Politics

Walker: Occupy Movement Started In Wisconsin

Kerry Picket Political Reporter

GREENVILLE, S.C. — Wisconsin Gov. Scott Walker gave supporters for his likely 2016 run for the presidency a little history about the Occupy Wall Street Movement Thursday.

The lesson was part of a pitch to voters on how he overcame liberal opposition in his home state as a Republican.

South Carolina GOP Chairman Matt Moore introduced Walker to 150 supporters at a Columbia Marriott luncheon as a “proven election winner,” noting the Wisconsin Republican’s three election wins in four years.

Recounting his tumultuous year with Wisconsin’s unions, Walker described the political battles he faced in 2011 when he proposed legislation that would greatly reduce the government union’s collective bargaining power.

“There were about 100,000 plus protesters in and around our capitol. People forget this. Before there was Occupy Wall Street and the Occupy movement, it started in Madison, Wisc. It was ‘occupy our capitol,’ and eventually when they lost that battle and they lost the court battle, they moved on to Wall Street, and they went elsewhere around the country. But it started in Wisconsin.”

“They brought in the drums and they brought in the horns. It started with the people in our state. There were people who were bussed up from Chicago, and then they came in from New York, New Jersey, and Washington, California, Nevada — you name it. It was for an intended purpose. They were seeking to intimidate us.”

“They didn’t just protest. They had protests in front of my home — not the government’s residence — my family home, where four years ago my sons were still in high school,” he said pointing out that his elderly parents were also living in the house as well at the time.

Walker also described an instance when he greeted Special Olympics athletes in his state and protesters costumed as zombies attempted to disrupt the event.

“I withheld the instinct to lash out,” he said, remembering the moment.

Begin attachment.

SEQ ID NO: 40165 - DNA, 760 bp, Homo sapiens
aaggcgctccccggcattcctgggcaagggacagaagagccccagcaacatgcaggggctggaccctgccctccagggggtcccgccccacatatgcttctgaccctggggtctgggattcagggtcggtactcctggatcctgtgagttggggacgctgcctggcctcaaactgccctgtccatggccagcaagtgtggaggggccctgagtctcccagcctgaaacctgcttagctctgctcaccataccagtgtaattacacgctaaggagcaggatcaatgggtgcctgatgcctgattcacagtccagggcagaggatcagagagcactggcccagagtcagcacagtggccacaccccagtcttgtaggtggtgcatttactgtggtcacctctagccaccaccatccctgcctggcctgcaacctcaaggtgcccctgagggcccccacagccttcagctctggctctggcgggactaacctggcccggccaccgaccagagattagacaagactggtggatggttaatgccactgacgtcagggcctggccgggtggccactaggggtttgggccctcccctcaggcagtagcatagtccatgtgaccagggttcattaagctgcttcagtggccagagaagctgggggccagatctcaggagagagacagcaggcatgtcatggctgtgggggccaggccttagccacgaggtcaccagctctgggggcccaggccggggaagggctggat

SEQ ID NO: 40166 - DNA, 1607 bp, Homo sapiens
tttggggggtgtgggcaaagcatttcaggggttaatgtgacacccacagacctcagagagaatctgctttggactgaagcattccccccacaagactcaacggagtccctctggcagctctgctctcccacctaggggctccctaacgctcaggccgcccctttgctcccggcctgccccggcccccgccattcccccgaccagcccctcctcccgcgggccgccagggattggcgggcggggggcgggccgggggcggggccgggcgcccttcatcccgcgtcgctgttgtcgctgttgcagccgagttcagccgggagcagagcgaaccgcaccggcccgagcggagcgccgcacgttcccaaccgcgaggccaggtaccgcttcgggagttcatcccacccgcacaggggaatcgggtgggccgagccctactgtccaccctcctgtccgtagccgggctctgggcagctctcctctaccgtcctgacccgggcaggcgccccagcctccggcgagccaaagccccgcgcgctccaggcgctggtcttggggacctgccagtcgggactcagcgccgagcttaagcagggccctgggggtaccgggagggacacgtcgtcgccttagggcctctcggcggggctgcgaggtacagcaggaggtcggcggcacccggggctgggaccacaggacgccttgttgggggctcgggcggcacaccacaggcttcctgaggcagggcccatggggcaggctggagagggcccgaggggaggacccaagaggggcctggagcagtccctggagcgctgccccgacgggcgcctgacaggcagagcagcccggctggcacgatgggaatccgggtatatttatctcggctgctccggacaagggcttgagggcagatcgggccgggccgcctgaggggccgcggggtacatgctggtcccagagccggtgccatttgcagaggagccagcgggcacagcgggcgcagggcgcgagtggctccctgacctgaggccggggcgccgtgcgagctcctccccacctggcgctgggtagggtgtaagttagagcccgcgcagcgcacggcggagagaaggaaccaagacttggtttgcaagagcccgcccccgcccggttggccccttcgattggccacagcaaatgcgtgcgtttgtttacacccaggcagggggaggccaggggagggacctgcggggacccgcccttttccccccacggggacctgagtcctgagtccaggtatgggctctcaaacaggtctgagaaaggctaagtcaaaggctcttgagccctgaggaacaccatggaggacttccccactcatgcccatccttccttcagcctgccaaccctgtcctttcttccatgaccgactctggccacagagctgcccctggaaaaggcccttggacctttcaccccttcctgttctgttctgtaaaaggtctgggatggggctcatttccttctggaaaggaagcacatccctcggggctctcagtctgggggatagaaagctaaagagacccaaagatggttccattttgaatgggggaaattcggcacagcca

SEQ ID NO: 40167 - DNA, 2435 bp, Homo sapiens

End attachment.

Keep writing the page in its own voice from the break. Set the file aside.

The trip to South Carolina Thursday comes about 17 months after he campaigned for South Carolina Gov. Nikki Haley when she launched her 2014 re-election. Walker received positive reactions from supporters in both Columbia and Greenville.

Attendees to both the Columbia and the Greenville events appeared pleased with Walkers’ remarks.

Ed Felix, a Lexington resident, told The Daily Caller he likes the Wisconsin governor because of his track record with handling the unions.

“I’ve long been a supporter of his. I’ve followed his trials and tribulations in his home state and I like the way he stands on principle.”

“I would hope that he would bring the same mentality to the federal government,” Felix said. “I worked there for 33 years, and I’ve seen the abuses of the federal government unions. They slow down work.”

In Greenville, Walker discussed issues ranging from Hillary Clinton’s “reset button” gaffe in Russia when she first became secretary of state to his state’s education record to  Wisconsin’s voter ID law.

“As of week ago this Monday Wisconsin is now the 25th state in the country to have the right to work, the freedom to work,” he said to applause at the TD Convention Center, noting that Gov. Haley congratulated him and welcomed him into the coalition of right-to-work states.

Ahychel Mullikin, a Greenville County resident, told The Daily Caller she was impressed with Walker’s message. Mullikin says she is a naturalized American citizen who came to the U.S. with her family 20 years ago through legal channels.

“I think that whole dependency on government (issue) — the loss of work ethic. Even people that come here now expect everything to be given to them and when my family came here, that was back in the day when you had to have a sponsor. You had to have somebody that would vouch for you — get a job, have a home, and you would not be dependent on the government. So for him to speak out and say, ‘No, we’ve got to get back to that — not ‘What can the government hand out for us, but what can we do for ourselves?'”

She added, “I’m all for people coming over here. I would not have had the opportunity to go to college — be a business owner had our family not come here, but we did it legally. We did it the right way, and we worked our way up, which is the American dream.”

Fred Payne, a member of the Greenville County Council, called Walker a “fighter.”

“He’s proven he’s a winner and I think he’d be a great candidate,” Payne said. “I’m not sure if he’s my final choice, but he’s in the top couple.”